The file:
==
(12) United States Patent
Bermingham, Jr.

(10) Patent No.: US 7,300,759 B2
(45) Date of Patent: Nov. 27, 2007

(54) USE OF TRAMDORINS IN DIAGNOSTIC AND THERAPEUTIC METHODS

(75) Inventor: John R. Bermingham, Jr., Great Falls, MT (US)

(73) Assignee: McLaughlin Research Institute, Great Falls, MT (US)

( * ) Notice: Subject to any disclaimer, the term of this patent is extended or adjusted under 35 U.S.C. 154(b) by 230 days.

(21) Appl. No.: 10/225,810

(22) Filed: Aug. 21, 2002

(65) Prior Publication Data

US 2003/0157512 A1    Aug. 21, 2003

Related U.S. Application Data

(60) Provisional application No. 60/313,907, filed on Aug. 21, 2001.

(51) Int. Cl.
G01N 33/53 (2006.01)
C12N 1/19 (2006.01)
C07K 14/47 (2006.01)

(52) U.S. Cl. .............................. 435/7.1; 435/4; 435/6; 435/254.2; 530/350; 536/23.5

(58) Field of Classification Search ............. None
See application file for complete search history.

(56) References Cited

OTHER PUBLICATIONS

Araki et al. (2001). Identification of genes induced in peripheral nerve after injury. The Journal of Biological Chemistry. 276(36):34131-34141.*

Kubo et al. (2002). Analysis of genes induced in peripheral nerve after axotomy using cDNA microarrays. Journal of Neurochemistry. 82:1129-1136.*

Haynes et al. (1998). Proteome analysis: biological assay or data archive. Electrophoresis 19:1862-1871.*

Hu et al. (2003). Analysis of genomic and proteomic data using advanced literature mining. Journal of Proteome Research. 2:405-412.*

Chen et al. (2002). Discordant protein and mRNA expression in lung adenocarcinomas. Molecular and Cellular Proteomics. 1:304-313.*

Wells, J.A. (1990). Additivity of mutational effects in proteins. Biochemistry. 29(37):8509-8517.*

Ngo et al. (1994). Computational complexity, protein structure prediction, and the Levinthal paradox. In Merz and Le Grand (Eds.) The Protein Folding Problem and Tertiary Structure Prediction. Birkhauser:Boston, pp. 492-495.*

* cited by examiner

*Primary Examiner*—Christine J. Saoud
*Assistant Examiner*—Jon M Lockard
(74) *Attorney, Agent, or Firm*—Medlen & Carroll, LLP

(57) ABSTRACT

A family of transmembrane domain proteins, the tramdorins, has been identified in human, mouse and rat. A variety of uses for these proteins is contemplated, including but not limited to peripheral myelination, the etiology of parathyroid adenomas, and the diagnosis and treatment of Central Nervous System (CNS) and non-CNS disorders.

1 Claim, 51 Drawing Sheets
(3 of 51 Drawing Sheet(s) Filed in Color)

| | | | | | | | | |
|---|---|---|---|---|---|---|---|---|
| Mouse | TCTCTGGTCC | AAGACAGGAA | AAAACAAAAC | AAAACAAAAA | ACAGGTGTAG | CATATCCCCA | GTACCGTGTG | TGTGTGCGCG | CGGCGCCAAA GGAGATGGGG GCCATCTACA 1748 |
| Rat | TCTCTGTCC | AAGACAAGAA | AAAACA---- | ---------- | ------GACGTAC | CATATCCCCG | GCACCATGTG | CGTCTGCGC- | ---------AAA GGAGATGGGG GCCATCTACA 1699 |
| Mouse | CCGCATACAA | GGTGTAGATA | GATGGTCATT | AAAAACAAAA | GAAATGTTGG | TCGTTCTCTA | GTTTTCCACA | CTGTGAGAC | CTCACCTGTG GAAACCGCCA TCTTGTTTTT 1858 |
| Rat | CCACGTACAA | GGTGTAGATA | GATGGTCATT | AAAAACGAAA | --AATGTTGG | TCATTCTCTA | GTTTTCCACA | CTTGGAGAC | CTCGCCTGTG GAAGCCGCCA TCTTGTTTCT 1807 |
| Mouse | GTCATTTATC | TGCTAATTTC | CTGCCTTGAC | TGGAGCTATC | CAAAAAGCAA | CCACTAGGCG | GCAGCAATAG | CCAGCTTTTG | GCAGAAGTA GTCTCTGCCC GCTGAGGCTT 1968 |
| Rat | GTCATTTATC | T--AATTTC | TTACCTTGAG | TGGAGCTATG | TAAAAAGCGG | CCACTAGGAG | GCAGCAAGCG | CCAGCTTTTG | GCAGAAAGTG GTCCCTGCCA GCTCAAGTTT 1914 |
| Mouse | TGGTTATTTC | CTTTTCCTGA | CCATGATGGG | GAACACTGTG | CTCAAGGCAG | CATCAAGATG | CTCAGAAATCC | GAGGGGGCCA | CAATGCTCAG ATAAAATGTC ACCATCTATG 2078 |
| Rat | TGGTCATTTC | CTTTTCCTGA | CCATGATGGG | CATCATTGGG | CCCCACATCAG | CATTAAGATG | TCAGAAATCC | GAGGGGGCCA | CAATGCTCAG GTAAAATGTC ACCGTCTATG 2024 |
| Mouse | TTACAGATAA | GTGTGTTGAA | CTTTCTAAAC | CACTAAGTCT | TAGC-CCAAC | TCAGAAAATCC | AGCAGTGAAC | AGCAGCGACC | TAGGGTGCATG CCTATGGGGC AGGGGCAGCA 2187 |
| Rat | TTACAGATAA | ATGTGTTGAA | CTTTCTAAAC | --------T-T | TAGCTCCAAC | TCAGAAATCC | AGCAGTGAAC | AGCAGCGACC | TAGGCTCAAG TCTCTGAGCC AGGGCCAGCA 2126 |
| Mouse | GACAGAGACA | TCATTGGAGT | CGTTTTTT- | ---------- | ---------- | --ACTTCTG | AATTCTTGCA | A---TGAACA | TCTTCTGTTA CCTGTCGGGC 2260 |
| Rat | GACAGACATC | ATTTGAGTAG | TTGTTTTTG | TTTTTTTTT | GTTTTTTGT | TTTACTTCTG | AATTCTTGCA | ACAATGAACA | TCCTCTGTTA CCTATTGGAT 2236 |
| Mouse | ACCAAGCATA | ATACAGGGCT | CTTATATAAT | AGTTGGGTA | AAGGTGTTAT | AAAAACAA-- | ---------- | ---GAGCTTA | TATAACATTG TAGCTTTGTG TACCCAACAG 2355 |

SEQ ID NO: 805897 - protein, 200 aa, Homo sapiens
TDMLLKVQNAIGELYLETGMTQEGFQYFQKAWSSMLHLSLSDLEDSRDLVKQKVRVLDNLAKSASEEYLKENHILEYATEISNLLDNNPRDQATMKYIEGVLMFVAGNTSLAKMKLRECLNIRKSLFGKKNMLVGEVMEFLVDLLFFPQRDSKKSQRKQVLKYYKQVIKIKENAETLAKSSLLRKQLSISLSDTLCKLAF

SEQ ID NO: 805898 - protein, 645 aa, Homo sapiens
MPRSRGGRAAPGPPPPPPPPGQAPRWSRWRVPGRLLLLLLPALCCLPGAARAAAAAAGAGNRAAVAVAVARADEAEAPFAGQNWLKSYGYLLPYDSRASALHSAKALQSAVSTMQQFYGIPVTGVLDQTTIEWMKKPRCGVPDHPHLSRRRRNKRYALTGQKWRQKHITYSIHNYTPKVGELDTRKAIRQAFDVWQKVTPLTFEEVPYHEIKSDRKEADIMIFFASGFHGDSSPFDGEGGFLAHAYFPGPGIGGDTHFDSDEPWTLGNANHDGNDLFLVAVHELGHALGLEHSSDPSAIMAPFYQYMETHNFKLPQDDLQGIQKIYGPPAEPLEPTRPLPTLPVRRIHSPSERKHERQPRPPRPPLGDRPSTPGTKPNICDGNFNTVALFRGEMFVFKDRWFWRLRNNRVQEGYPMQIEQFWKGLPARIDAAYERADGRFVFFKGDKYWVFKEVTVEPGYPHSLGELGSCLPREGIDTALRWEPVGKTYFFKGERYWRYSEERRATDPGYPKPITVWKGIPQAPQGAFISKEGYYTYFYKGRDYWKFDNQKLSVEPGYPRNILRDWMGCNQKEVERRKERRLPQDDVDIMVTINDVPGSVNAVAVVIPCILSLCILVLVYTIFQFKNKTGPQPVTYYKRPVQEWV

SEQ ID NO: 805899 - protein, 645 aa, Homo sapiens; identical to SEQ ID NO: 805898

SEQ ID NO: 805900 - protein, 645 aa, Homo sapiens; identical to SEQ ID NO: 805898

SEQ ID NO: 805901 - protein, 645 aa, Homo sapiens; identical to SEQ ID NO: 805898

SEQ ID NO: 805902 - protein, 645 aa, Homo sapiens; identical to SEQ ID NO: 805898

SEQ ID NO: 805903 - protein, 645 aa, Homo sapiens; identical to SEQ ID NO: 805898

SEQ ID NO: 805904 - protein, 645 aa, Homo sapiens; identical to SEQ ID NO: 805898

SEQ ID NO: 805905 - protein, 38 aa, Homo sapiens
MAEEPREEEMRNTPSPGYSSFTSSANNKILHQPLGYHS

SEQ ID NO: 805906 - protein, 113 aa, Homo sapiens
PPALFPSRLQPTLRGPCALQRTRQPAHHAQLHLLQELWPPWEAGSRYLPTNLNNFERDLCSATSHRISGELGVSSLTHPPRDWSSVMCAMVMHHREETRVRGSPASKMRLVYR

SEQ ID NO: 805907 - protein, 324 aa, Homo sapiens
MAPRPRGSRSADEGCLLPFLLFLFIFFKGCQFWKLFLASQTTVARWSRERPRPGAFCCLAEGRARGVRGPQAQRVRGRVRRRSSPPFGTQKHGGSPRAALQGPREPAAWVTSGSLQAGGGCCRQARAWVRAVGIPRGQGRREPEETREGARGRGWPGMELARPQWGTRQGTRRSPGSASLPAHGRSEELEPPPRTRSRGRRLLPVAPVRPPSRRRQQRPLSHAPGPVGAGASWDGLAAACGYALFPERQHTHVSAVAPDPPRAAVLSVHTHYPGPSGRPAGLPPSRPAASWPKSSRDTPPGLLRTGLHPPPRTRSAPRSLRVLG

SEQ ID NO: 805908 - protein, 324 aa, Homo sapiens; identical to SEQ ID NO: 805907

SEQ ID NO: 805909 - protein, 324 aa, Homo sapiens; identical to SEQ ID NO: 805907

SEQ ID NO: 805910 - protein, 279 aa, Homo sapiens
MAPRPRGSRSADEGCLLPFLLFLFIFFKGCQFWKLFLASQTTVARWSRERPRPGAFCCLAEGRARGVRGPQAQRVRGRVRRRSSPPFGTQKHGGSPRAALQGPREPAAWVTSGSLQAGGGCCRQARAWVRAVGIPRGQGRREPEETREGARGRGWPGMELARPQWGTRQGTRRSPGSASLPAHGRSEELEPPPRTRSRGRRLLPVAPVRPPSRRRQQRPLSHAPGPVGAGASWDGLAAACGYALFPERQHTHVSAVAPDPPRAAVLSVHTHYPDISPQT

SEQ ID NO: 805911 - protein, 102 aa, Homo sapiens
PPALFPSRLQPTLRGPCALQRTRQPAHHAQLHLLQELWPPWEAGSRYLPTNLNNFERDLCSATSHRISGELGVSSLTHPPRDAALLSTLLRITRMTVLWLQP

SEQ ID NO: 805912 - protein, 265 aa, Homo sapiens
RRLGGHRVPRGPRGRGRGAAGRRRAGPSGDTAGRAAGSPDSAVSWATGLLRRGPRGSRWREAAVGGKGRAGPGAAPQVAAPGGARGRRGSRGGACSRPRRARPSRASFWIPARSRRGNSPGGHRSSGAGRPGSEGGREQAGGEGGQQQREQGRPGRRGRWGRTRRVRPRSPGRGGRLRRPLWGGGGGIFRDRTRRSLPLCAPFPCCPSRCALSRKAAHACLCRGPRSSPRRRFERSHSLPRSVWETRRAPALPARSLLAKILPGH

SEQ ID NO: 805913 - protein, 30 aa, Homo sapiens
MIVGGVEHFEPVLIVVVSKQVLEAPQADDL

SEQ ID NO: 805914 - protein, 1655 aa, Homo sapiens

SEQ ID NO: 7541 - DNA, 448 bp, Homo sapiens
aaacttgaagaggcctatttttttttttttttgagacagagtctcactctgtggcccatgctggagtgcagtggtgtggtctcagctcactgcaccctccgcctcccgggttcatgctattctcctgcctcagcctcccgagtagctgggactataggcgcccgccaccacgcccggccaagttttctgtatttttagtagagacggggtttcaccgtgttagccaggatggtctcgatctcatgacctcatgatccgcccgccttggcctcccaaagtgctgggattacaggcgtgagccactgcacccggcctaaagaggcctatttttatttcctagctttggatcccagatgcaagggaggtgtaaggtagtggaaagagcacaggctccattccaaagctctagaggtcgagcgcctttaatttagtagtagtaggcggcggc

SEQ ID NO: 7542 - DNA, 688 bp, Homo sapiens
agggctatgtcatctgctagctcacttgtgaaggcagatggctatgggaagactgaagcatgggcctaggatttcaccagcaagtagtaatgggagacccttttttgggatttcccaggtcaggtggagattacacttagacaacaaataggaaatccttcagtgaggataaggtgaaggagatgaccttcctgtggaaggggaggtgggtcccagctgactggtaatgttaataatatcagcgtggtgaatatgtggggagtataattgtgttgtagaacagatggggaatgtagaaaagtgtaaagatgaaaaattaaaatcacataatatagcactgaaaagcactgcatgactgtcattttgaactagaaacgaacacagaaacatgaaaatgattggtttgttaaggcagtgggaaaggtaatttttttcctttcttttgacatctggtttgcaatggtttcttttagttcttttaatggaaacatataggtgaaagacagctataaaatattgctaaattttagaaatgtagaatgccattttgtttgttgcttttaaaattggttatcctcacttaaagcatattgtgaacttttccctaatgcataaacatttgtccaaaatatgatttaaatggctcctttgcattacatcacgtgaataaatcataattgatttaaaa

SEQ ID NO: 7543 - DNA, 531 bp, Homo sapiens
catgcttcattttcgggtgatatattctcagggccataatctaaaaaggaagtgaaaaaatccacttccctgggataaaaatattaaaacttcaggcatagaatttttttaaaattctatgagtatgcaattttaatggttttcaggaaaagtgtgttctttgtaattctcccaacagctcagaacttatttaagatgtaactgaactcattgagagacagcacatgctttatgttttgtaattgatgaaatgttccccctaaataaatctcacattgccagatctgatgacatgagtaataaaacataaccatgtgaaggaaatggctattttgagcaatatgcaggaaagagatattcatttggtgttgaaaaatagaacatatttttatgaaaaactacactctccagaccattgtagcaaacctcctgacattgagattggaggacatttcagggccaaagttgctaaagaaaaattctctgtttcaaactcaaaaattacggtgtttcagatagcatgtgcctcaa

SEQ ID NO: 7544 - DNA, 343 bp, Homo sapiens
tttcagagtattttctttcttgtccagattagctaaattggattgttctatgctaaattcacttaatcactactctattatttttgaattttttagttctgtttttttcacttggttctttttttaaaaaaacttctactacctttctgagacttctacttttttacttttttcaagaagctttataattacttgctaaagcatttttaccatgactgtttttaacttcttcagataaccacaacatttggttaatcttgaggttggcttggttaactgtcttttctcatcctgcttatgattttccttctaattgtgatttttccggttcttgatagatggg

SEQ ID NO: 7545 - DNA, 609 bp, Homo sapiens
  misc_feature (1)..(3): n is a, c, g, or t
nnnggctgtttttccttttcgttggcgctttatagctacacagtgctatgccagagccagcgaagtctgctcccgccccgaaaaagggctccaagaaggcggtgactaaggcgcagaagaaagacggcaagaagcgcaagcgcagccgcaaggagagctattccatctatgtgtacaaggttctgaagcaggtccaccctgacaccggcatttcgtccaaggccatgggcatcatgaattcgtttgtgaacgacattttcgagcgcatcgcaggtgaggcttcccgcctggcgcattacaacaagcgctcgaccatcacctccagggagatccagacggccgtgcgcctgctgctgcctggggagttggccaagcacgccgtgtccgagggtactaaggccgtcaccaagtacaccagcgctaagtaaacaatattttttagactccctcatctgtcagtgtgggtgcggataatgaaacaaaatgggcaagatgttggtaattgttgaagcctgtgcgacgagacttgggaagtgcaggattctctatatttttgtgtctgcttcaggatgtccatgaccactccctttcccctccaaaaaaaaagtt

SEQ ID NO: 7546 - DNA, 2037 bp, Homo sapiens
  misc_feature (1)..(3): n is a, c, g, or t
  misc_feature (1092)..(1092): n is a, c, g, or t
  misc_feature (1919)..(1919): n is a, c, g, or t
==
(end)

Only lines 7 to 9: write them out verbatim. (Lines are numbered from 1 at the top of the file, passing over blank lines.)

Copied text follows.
(73) Assignee: McLaughlin Research Institute, Great Falls, MT (US)

( * ) Notice: Subject to any disclaimer, the term of this patent is extended or adjusted under 35 U.S.C. 154(b) by 230 days.

(21) Appl. No.: 10/225,810